Perhaps you don't want to "rejoice" at the news that America's nine-year involvement in a war is about to end.
After all, there is still a lot of pain to remember -- too many lives lost; too much sorrow still lingering; too little understanding as to the real reason why the war was waged in the first place.
Maybe you truly believe that Iraq is the real frontline of the war against terrorism and that America's military presence there must remain until that nebulous enemy is defeated. In other words, we should be there forever.
Whether or not you celebrate President Barack Obama's announcement that "America's war in Iraq will be over," can't you at least be glad that all U.S. troops will be out of there by year's end?
Disregard the waffling politicians who are against anything this president says or does, and who have given mixed signals on the execution of this war since it began in 2003. Most of them have lost all credibility not just on the issue of foreign intervention, but on a whole host of issues facing the average American.
The Iraq war was divisive from the beginning. Many of us believed it should never have been fought; generals and politicos split over troop levels and operational strategies. Average citizens, in an attempt to show support for then President George W. Bush, rationalized the high costs in casualties and dollars.
Almost a trillion dollars have been spent on this conflict, which is insignificant compared to the more than 4,400 Americans who died and more than 30,000 injured -- not to mention the tens of thousands of Iraqis killed.
Even the death toll had us fighting like children over whose war was worse. Some dismissed the "few thousand" who died in Iraq as nothing compared to the number (almost 50,000) killed in Vietnam or the 33,600 who perished during the Korean conflict.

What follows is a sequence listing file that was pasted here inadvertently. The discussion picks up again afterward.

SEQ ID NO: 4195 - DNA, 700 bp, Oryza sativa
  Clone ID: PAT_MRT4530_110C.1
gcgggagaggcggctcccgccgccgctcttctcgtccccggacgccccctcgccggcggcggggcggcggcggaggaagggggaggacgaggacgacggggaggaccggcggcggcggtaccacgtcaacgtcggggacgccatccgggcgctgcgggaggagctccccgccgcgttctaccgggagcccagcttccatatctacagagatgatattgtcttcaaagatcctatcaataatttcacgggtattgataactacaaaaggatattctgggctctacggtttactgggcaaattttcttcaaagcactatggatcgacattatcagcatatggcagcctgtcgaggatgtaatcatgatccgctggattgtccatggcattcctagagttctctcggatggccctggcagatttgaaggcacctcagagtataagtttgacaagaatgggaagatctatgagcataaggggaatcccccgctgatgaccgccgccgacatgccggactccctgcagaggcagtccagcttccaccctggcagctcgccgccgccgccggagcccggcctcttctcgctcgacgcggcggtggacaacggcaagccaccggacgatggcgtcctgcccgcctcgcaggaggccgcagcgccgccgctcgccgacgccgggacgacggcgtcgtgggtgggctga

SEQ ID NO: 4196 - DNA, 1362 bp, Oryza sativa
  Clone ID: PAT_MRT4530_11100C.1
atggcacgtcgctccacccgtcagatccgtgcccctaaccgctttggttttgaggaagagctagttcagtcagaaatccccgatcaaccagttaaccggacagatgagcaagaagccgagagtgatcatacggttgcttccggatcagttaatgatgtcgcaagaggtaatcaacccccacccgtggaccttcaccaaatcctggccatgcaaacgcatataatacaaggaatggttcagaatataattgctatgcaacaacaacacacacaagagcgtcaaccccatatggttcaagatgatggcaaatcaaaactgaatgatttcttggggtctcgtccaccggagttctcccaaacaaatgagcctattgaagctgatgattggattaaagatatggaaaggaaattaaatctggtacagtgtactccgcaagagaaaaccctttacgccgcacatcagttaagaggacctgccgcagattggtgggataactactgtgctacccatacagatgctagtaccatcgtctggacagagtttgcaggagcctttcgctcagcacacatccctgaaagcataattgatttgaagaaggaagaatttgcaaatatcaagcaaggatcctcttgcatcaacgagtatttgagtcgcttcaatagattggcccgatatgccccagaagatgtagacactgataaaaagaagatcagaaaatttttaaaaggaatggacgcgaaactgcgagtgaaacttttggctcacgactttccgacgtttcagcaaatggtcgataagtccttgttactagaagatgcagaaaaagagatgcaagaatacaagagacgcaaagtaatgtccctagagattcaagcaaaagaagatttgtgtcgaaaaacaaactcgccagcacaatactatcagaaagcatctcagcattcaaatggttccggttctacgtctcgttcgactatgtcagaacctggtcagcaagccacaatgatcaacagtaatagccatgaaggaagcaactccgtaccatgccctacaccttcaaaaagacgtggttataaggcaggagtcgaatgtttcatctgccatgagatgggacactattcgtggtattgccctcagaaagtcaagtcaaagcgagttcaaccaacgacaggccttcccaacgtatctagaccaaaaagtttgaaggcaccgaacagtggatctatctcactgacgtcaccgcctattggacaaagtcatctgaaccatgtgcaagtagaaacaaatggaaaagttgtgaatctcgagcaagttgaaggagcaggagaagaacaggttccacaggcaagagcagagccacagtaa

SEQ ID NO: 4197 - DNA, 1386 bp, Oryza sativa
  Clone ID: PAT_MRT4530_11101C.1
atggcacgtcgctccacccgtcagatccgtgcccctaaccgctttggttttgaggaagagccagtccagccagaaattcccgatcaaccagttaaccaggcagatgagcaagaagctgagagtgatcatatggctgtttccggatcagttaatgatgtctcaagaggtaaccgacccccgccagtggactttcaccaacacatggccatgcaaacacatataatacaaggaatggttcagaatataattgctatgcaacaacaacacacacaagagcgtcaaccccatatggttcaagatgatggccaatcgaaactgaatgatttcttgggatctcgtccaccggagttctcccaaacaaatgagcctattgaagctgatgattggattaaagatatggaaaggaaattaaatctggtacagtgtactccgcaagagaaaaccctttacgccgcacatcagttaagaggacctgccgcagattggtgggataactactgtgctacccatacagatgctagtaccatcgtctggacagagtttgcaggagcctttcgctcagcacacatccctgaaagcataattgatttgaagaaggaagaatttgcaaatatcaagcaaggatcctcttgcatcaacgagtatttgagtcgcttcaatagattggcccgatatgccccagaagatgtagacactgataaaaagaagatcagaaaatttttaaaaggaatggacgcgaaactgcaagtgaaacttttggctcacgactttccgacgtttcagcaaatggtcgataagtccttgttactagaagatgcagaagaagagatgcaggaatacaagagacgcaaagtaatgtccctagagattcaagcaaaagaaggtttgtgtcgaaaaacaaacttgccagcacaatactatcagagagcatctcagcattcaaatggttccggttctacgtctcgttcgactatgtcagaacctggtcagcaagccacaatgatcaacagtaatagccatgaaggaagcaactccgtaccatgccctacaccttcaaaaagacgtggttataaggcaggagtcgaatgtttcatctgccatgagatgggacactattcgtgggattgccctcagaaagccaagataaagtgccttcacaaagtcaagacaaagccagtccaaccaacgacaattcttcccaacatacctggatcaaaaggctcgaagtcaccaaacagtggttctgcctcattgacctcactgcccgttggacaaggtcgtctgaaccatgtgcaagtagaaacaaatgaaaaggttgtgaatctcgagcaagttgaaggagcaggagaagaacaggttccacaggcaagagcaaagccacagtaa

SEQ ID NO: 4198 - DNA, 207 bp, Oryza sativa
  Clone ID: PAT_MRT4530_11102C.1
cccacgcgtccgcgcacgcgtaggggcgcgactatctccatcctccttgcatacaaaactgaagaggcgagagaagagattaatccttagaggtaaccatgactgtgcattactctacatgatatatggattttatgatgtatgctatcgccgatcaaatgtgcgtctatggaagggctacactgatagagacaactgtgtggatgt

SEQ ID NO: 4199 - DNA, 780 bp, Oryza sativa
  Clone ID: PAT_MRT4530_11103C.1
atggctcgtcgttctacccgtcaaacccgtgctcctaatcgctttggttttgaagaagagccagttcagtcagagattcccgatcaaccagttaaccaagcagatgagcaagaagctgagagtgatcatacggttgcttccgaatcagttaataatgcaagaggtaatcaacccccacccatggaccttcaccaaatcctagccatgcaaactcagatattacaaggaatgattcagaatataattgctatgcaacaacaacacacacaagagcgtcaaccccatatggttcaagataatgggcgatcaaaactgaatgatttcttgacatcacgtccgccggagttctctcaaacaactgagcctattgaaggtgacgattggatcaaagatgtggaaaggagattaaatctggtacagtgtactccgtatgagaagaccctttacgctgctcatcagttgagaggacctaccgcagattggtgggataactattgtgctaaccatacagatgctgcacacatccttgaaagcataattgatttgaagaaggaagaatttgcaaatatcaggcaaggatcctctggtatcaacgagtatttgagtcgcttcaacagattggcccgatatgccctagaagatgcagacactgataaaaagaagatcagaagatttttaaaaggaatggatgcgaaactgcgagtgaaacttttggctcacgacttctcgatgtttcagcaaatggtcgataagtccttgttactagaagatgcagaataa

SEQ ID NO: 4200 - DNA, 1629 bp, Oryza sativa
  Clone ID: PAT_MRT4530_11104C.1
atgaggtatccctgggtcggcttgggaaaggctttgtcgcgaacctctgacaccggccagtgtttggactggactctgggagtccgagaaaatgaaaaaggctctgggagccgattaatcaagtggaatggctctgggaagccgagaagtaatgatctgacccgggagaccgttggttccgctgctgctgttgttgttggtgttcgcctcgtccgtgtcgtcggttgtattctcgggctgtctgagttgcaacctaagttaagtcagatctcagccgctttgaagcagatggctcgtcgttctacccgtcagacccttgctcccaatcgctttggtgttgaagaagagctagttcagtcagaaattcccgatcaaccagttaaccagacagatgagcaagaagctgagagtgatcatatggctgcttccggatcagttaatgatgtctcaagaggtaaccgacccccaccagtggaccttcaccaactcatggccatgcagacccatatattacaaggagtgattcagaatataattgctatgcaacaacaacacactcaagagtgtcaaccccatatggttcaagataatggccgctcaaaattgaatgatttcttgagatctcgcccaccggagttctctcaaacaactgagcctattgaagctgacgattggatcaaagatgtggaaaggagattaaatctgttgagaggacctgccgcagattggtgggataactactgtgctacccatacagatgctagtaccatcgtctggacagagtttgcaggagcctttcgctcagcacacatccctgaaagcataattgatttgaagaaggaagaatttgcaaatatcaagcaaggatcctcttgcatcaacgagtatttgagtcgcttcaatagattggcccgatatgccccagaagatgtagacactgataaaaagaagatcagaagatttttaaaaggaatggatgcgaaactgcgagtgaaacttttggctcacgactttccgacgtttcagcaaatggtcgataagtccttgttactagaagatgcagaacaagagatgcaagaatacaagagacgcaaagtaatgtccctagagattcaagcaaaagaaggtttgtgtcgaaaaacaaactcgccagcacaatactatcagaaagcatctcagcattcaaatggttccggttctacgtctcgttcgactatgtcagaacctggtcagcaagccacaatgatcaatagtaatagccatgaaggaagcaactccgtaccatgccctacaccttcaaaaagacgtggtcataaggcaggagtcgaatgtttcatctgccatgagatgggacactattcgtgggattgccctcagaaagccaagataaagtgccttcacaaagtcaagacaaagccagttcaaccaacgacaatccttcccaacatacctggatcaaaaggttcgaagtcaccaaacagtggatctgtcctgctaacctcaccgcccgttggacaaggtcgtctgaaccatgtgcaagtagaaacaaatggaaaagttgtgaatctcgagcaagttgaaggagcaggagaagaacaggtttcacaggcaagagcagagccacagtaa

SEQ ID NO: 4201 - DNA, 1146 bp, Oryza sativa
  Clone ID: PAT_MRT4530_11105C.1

None of those numbers, of course, comes close to the nearly 300,000 killed during World War II in which some single battles, in a matter of hours, resulted in more deaths than the nine years of fighting in Iraq.
We must not forget the Civil War -- in which Americans fought Americans -- where 184,594 were killed in action and at least twice that many died from diseases.
Let us not get caught up in this numbers game. War is hell. No matter how many died in any given war, it was too many.
That brings us back to Iraq, which is one of two major wars this country is fighting.
Bush signed a treaty in 2008 setting the timetable for full withdrawal of U.S. troops by Dec. 31, 2011, and Obama made that deadline part of his campaign for president. He is fulfilling that promise.
Both presidents, however, anticipated that some level of U.S. troops would remain in the country to help train Iraqi forces and to combat potential threats. But when Iraq's parliament refused to grant immunity to American military personnel, the president had no choice but to order everyone home.
There will be a few military personnel assigned to the U.S. Embassy in the country, and no doubt many American contractors will remain.
Now some Republican leaders, including some running for president, suggest that full withdrawal from Iraq is a mistake. The country will fall into chaos, they say, and al Qaeda will develop another stronghold. Leaving provides an opening for Iran to meddle further in the political and social structures of the fragile nation.
As pointed out by Secretary of State Hillary Clinton and Secretary of Defense Leon Panetta, about 40,000 U.S. troops will still be in the region, not counting those forces in Afghanistan.
This war, in which some troops have deployed three and four times, should have been over long ago. For anyone to suggest otherwise is ludicrous.
Our men and women from that war, as the president promised, will be home for the holidays. And for that, somebody ought to join me in rejoicing.